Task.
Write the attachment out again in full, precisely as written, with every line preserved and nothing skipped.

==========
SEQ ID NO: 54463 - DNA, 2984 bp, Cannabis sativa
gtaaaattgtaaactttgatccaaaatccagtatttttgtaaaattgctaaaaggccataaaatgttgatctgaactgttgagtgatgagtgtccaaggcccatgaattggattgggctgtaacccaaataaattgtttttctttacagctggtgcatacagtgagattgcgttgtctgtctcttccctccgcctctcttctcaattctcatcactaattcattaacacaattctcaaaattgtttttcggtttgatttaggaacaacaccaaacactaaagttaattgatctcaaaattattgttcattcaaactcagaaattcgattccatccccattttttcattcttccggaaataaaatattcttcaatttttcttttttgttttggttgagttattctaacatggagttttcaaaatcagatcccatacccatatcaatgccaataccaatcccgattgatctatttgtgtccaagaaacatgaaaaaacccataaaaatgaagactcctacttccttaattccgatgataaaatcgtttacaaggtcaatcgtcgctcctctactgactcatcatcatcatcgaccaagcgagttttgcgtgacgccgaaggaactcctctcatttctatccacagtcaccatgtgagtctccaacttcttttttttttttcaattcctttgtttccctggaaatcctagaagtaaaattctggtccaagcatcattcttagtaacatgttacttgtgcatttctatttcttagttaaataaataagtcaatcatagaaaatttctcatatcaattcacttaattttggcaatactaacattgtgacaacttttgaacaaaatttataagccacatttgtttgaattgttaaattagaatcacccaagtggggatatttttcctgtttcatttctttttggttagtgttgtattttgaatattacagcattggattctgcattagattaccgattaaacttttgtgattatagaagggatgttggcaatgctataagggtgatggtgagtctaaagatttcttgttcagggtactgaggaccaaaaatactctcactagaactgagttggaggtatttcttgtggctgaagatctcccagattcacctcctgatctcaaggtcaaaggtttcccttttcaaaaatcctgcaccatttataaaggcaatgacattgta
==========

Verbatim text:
SEQ ID NO: 54463 - DNA, 2984 bp, Cannabis sativa
gtaaaattgtaaactttgatccaaaatccagtatttttgtaaaattgctaaaaggccataaaatgttgatctgaactgttgagtgatgagtgtccaaggcccatgaattggattgggctgtaacccaaataaattgtttttctttacagctggtgcatacagtgagattgcgttgtctgtctcttccctccgcctctcttctcaattctcatcactaattcattaacacaattctcaaaattgtttttcggtttgatttaggaacaacaccaaacactaaagttaattgatctcaaaattattgttcattcaaactcagaaattcgattccatccccattttttcattcttccggaaataaaatattcttcaatttttcttttttgttttggttgagttattctaacatggagttttcaaaatcagatcccatacccatatcaatgccaataccaatcccgattgatctatttgtgtccaagaaacatgaaaaaacccataaaaatgaagactcctacttccttaattccgatgataaaatcgtttacaaggtcaatcgtcgctcctctactgactcatcatcatcatcgaccaagcgagttttgcgtgacgccgaaggaactcctctcatttctatccacagtcaccatgtgagtctccaacttcttttttttttttcaattcctttgtttccctggaaatcctagaagtaaaattctggtccaagcatcattcttagtaacatgttacttgtgcatttctatttcttagttaaataaataagtcaatcatagaaaatttctcatatcaattcacttaattttggcaatactaacattgtgacaacttttgaacaaaatttataagccacatttgtttgaattgttaaattagaatcacccaagtggggatatttttcctgtttcatttctttttggttagtgttgtattttgaatattacagcattggattctgcattagattaccgattaaacttttgtgattatagaagggatgttggcaatgctataagggtgatggtgagtctaaagatttcttgttcagggtactgaggaccaaaaatactctcactagaactgagttggaggtatttcttgtggctgaagatctcccagattcacctcctgatctcaaggtcaaaggtttcccttttcaaaaatcctgcaccatttataaaggcaatgacattgta